The USCCB Labor Day statement, as usual, makes for excellent reading and reflection on this holiday – even in the absence of the keen analysis of Monsignor Higgins. Rightly, the primary focus of “Human Costs and Moral Challenges of a Broken Economy” is on the workers whose lives have been turned upside down by the economic crisis – the many people who have lost homes and jobs, often because of decisions made by political and business leaders far away. “These realities,” Bishop Stephen Blaire reminds us, “are at the heart of the Church’s concerns and prayers on this Labor Day. As the Second Vatican Council insisted, the ‘grief and anguish’ of the people of our time, "especially of those who are poor or afflicted in any way . . . are the grief and anguish of the followers of Christ as well" (Gaudium et Spes, no. 1).
The letter also attempts to clarify the Church’s attitude toward organized labor with an eye toward recent public policy disputes. Political efforts to restrict trade unions and collective bargaining, in both the public and private sector, seem to have called forth an echo among a portion of the faithful. These Catholic critics of trade unionism contend that unions kill jobs or suppress economic growth; that the economic demands of union workers are selfish and unjust; and that trade unions help to advance social causes that the Church opposes. Therefore, they conclude, the traditional defense of organized labor in Catholic Social Teaching is inoperative.
One can find examples of trade unions exhibiting each of those faults (though rather less often than the breathless blogosphere might lead you to believe). But the conclusion does not follow from the premises. “Our Church continues to teach that unions remain an effective instrument to protect the dignity of work and the rights of workers,” Blaire explains. “The teaching that workers have the right to choose freely to form and belong to unions and other associations without interference or intimidation is strong and consistent.”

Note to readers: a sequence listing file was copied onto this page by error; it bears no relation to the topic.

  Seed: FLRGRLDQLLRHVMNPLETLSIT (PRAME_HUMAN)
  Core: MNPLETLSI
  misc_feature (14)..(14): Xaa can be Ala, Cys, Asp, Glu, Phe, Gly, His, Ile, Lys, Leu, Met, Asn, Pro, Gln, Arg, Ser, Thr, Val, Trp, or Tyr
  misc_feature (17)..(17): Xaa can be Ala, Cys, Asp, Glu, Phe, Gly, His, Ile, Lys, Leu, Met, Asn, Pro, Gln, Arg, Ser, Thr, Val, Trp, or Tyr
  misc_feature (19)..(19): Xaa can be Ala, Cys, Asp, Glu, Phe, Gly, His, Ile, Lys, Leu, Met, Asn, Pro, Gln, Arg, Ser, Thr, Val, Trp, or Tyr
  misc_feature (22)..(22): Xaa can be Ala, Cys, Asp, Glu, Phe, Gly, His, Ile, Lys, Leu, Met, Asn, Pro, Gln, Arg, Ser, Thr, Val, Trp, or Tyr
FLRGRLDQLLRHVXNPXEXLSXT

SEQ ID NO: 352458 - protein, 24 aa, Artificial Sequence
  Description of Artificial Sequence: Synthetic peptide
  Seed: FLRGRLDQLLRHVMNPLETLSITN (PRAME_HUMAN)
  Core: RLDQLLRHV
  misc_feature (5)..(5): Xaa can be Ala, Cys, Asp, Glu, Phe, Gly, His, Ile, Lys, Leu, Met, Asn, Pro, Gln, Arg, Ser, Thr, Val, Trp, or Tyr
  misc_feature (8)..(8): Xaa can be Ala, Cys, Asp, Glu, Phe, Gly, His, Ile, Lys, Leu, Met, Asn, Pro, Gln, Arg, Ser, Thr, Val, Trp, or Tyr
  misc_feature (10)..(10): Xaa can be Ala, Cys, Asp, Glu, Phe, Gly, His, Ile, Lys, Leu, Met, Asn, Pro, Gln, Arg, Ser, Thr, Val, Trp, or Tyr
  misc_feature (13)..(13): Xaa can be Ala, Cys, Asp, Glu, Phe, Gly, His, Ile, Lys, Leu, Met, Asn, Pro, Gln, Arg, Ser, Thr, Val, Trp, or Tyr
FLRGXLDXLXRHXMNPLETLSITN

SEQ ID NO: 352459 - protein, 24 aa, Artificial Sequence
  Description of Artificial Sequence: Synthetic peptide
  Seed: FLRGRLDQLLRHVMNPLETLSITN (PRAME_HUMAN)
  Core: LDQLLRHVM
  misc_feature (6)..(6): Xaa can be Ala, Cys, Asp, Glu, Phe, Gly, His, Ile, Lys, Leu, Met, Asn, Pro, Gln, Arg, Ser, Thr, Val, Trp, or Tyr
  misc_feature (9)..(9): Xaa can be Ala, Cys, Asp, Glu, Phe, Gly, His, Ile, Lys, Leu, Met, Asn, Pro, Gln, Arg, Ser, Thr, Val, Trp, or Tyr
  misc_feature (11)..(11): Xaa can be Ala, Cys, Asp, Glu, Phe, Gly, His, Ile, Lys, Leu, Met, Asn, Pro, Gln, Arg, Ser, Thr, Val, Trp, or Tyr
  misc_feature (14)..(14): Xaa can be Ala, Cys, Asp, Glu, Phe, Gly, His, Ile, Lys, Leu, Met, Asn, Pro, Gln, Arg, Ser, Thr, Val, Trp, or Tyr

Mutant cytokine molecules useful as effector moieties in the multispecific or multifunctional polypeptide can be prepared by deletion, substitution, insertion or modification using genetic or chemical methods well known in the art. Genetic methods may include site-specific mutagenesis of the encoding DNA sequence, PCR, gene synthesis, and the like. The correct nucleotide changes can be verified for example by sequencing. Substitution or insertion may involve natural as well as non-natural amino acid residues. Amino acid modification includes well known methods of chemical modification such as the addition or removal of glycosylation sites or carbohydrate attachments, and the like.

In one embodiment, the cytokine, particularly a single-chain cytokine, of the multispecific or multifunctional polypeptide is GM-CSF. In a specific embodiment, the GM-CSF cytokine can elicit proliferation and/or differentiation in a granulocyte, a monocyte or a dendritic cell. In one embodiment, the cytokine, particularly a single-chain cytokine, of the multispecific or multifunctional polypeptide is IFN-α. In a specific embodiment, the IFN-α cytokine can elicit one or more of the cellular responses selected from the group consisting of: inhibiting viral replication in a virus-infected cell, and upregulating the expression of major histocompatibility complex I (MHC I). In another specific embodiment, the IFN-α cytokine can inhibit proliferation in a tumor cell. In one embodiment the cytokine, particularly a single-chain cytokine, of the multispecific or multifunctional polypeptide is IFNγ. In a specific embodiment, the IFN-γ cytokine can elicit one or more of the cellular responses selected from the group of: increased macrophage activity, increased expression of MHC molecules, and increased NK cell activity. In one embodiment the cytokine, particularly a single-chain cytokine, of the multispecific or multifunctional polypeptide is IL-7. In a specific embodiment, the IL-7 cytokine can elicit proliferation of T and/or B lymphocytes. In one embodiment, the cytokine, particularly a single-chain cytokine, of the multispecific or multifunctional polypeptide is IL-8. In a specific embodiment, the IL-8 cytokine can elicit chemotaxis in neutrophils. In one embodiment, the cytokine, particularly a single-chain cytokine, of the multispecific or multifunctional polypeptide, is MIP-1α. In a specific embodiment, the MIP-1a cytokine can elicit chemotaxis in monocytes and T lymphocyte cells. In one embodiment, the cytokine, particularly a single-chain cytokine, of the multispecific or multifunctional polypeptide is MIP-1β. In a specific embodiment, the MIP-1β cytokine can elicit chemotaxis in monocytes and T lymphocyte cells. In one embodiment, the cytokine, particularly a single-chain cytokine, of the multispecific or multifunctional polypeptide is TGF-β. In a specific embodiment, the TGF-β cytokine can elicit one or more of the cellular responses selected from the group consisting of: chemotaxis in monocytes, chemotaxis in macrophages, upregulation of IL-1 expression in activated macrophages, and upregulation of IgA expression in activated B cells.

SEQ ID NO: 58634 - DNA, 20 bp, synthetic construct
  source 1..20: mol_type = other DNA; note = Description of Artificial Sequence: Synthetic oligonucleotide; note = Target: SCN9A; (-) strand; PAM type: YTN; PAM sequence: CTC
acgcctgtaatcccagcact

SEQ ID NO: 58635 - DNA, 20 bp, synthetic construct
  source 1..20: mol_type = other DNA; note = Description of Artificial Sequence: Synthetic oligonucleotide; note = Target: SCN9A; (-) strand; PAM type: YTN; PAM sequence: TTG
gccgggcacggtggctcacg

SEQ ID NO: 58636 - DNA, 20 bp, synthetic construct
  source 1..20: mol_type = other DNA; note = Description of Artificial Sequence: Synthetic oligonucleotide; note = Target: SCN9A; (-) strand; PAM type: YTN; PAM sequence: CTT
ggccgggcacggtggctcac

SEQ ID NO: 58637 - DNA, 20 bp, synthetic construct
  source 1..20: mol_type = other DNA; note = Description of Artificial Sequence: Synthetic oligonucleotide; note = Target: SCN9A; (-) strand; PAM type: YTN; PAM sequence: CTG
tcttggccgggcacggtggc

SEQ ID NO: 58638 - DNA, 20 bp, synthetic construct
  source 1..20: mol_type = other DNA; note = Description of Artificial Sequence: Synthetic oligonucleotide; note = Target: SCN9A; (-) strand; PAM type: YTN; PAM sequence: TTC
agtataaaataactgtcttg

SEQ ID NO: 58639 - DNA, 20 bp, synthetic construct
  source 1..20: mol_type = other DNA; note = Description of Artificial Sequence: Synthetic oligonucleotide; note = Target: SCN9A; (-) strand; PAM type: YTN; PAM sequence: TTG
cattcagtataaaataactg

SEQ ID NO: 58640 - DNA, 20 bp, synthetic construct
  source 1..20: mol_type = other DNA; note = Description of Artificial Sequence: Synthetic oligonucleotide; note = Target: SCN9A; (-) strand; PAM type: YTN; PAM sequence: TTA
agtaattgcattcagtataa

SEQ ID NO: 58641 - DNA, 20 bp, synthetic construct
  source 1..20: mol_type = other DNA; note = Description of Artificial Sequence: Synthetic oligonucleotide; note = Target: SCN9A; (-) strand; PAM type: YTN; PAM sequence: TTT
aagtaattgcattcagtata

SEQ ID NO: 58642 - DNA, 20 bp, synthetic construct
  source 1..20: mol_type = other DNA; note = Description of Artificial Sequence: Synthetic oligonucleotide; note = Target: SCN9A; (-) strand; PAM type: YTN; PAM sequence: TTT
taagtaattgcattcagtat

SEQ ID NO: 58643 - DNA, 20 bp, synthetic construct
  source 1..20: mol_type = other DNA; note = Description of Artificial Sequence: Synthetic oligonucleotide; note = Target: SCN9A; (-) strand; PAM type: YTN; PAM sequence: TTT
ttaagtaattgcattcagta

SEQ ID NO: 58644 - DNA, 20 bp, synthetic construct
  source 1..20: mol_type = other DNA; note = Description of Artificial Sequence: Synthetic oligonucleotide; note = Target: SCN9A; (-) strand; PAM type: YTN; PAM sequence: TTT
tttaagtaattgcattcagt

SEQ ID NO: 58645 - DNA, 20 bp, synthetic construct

The bishop notes, “this does not mean every outcome of bargaining is responsible or that all actions of particular unions--or for that matter employers--merit support. Unions, like other human institutions, can be misused or can abuse their role. The Church has urged leaders of the labor movement to avoid the temptations of excessive partisanship and the pursuit of only narrow interests. Workers and their unions, as well as employers and their businesses, all have responsibility to seek the common good, not just their own economic, political, or institutional interests.”
Bishop Blaire acknowledges that “some unions in some places have taken public positions that the Church cannot support, which many union members may not support, and which have little to do with work or workers’ rights.” He does not conclude from this, though, that such unions forfeit their social role and rights. “Leaders of the Church and the labor movement cannot avoid these differences, but should address them in principled, respectful and candid dialogue. This should not keep us from working on our own and together to advance common priorities of protecting worker rights, economic and social justice, overcoming poverty, and creating economic opportunity for all.”